To this point Apple has been experiencing a turbulent but triumphant year. In January the company lost its leader, Steve Jobs, to illness which culminated in a liver transplant. Critics have attacked the iTunes App Store for a lack of clear leadership and policy for approving or rejecting iPhone apps. The Palm Pre was launched, posing a serious threat to Apple's smartphone dominance. A Microsoft advertising campaign appeared to inflict some damage, targeting the price the average consumer pays for Apple hardware.
But Apple has bounced back. Steve Jobs appears to have convalesced and has returned to Apple following his liver transplant. The Palm Pre is in the wild and selling, but the Apple iPhone 3G S (shown) sold 1 million units in its first weekend, maintaining its dominant position over the up and comer. At the World Wide Developer's Conference, Apple dropped prices on the MacBook Pros, firing back at Microsoft's ad campaign. The iTunes App Store situation does remain in flux, but the year is only half over.
Vista Out, Windows 7 In
All but conceding that its Windows Vista was a flop, Microsoft accelerated its effort to get its next-generation Windows 7 operating system out the door. Earlier this month, after hedging whether the software would debut late this year or in 2010, the company put a stake in the ground and said Windows 7 would begin shipping with PCs on Oct. 22.
And not a moment too soon. Microsoft has been losing market share as customers shunned Vista and turned to Linux and Apple's Macintosh computers as alternatives. But Windows 7 will be fighting a sales headwind as it's launched in the midst of a deep economic downturn.
Still, resellers will be happy to put Vista behind them and they are looking forward to selling Windows 7 which -- it's hoped -- eliminates Vista's well-publicized performance and compatibility issues and offers such advanced features as built-in virtualization capabilities.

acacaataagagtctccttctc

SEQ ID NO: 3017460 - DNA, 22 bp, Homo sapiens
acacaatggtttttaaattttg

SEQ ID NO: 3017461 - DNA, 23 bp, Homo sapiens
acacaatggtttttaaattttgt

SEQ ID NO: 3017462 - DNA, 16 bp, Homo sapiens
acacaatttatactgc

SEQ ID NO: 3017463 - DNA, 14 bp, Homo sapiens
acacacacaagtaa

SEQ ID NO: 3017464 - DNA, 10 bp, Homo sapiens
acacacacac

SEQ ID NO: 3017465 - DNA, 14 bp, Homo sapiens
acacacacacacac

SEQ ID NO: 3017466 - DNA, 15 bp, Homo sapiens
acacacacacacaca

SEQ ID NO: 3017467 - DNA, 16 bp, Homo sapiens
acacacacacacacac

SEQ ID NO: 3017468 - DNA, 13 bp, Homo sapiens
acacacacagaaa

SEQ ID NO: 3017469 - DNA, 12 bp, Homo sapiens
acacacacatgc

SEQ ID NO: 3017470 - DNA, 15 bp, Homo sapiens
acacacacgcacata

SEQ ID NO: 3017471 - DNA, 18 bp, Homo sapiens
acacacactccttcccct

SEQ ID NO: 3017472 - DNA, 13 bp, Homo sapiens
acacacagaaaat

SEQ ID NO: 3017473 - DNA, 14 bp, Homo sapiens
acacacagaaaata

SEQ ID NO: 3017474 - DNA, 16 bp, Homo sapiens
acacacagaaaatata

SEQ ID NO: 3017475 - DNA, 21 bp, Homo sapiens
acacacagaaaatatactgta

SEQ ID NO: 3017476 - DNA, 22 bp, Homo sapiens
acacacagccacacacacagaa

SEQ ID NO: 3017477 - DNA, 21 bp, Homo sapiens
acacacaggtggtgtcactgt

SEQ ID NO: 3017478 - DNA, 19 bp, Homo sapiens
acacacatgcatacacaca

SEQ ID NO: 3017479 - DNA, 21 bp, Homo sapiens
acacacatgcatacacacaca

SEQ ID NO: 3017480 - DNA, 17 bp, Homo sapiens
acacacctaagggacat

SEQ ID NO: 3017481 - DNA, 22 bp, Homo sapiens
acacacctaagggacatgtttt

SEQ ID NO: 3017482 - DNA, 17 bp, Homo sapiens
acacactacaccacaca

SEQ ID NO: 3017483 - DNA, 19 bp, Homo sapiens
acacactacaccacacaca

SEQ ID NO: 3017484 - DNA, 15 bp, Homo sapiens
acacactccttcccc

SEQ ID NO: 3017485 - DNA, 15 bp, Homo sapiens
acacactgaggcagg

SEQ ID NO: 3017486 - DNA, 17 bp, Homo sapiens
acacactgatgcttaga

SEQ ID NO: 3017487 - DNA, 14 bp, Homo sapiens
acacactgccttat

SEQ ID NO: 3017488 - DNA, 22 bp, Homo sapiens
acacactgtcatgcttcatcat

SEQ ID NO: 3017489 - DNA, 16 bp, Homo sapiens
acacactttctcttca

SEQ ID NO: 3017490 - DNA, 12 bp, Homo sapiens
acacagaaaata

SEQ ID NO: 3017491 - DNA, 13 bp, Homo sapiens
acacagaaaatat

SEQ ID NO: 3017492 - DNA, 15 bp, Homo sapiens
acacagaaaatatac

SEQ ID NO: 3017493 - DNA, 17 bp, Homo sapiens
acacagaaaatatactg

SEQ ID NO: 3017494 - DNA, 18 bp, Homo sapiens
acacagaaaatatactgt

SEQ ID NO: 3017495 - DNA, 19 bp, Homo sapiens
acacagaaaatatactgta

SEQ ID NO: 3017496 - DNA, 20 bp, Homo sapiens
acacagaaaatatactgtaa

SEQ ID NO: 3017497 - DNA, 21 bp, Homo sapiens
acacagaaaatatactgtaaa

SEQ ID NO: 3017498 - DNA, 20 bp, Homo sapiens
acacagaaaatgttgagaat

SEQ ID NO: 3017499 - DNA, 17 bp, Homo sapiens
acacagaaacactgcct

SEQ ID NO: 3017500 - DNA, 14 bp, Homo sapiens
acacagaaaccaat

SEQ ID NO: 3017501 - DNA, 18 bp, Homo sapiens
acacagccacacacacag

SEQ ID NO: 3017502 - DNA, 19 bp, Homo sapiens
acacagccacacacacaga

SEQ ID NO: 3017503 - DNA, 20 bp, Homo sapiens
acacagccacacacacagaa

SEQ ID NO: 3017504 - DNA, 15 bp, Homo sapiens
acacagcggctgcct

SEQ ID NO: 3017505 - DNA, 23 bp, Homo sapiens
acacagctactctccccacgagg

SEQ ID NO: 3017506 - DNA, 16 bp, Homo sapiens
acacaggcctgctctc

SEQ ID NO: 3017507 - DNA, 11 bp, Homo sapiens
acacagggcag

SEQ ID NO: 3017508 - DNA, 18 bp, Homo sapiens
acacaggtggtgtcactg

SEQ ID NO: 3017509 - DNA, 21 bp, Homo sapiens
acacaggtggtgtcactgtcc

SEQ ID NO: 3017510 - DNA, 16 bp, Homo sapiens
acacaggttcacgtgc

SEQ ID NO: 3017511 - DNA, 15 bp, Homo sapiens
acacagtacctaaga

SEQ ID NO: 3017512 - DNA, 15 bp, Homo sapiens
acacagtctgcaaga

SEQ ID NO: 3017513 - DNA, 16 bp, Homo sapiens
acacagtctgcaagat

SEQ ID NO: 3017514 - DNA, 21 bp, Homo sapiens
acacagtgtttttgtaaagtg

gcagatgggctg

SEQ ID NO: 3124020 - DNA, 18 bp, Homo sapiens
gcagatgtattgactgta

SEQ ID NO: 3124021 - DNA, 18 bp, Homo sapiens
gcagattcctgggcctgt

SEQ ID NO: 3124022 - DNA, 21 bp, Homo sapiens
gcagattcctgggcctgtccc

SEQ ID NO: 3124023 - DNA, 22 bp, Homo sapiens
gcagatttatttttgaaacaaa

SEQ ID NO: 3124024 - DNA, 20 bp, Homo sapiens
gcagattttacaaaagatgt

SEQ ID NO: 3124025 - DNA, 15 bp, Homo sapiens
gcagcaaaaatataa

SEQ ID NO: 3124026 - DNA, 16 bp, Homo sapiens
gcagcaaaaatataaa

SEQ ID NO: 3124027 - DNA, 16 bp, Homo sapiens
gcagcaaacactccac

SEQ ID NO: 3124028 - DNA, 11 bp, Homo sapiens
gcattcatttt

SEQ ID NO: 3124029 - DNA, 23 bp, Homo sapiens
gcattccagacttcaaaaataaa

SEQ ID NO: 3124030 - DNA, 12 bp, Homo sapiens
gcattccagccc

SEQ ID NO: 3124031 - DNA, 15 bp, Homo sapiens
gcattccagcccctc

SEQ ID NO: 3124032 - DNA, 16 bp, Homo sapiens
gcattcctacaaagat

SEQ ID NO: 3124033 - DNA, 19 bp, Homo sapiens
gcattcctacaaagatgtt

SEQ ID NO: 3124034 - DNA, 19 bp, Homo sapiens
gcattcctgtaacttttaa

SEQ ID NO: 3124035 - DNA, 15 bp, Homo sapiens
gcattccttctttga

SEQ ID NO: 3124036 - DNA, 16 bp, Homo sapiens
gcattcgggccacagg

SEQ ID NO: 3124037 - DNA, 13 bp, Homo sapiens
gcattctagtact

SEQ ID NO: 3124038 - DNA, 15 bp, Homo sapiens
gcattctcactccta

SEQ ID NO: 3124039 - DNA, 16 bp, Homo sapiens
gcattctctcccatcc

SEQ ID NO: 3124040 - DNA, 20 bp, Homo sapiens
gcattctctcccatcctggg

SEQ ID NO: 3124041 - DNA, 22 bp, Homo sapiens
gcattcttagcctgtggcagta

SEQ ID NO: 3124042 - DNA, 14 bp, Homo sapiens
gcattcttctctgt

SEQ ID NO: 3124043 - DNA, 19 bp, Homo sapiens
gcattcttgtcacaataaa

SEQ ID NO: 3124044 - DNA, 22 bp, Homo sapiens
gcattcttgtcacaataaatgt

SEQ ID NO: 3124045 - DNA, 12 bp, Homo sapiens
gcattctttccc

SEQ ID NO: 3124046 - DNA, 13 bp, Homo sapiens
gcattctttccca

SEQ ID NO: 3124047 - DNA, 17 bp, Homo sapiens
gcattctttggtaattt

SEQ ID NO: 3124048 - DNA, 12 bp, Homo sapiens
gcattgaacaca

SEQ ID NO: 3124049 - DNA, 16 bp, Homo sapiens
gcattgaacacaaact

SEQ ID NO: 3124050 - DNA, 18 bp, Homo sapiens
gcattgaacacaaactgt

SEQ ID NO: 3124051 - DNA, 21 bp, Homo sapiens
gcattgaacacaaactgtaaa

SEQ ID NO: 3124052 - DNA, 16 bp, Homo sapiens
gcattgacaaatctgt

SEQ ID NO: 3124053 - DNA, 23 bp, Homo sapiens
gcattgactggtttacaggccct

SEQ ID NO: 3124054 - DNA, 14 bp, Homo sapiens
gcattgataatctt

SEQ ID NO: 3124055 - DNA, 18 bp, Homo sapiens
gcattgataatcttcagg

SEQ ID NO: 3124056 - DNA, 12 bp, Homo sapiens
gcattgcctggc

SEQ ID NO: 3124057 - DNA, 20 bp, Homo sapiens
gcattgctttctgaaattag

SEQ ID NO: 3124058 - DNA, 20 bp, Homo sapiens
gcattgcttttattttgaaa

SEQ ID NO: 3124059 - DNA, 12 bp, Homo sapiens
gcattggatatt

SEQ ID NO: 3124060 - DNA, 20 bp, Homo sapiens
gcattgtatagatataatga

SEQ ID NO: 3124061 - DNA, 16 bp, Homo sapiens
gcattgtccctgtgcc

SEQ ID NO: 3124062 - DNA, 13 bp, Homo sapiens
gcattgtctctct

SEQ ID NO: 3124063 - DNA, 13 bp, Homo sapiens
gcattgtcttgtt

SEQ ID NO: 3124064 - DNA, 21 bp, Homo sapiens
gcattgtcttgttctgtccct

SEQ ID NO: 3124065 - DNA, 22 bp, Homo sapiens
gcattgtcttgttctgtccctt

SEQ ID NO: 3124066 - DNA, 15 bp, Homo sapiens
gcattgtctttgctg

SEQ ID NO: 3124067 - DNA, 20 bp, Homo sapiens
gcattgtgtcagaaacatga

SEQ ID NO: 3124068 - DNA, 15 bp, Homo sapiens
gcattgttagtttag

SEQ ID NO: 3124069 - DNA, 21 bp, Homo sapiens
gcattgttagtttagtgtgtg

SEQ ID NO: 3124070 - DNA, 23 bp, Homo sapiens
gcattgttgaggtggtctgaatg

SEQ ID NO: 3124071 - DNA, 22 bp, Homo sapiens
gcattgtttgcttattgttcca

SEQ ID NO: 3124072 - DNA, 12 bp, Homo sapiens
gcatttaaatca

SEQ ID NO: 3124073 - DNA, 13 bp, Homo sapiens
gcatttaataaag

IBM Recommits To The Channel
In March IBM sent its 100,000 channel partners an updated version of the IBM Business Partner Charter -- one of several steps the giant IT company has taken in the last year or so that demonstrated renewed commitment to solution providers.
IBM executives said the charter and its six guiding principles, accompanied by a letter from media-shy CEO Sam Palmisano, was more than just a piece of paper. And IBM channel partners agreed, saying the move was proof IBM was working with them in a tough economic climate.
In addition to the charter, other steps taken by IBM include offering channel partners new business and training opportunities under its Dynamic Infrastructure program. It's all part of the vendor's increased emphasis on relying on solution providers to expand sales in the mid-market.
The Federal Stimulus Windfall?
Never has so much been written about so much money flowing into technology coffers. President Barack Obama's bid to make like Franklin Delano Roosevelt and bring us out of the darkness and into the light has touched off a feeding frenzy in the technology community. Solution providers have put together a sales and marketing blitz aimed at public sector and healthcare opportunities springing from the American Recovery and Reinvestment Act's passage in 2009. But alas, when all is said and done the $787 billion stimulus package will yield only $28 billion for IT spending over the next two years, according to Forrester Research, a Cambridge, Mass. market research firm.
Cisco Vs. HP: It's On!
Cisco Systems drew a line in the sand at its annual Partner Summit, publicly proclaiming that the competition between it and rival Hewlett-Packard (HP) is heating up. The pair now compete in the networking space, with Cisco's bread-and-butter going against HP's darling ProCurve Networking line; the data center, with Cisco's UCS blade and rack server offerings butting heads with HP's server products; and a host of other segments like immersive high-definition video, Wi-Fi and unified communications.
No one was more vocal about the budding rivalry, which had been dormant for years but crescendoed in the first half of 2009, than Rob Lloyd, Cisco's new executive vice president of worldwide operations (shown here).
"I think we've been taking too many punches with regard to the competitive landscape and not punching back We'll keep it clean, but for you we need to help define the value proposition on why we're a better choice than [HP] ProCurve," Lloyd said, garnering applause from the audience during his Partner Summit keynote. "I'm encouraging all of us to punch back -- with a little bit of class -- and if we get it right, it will make a big difference in the market."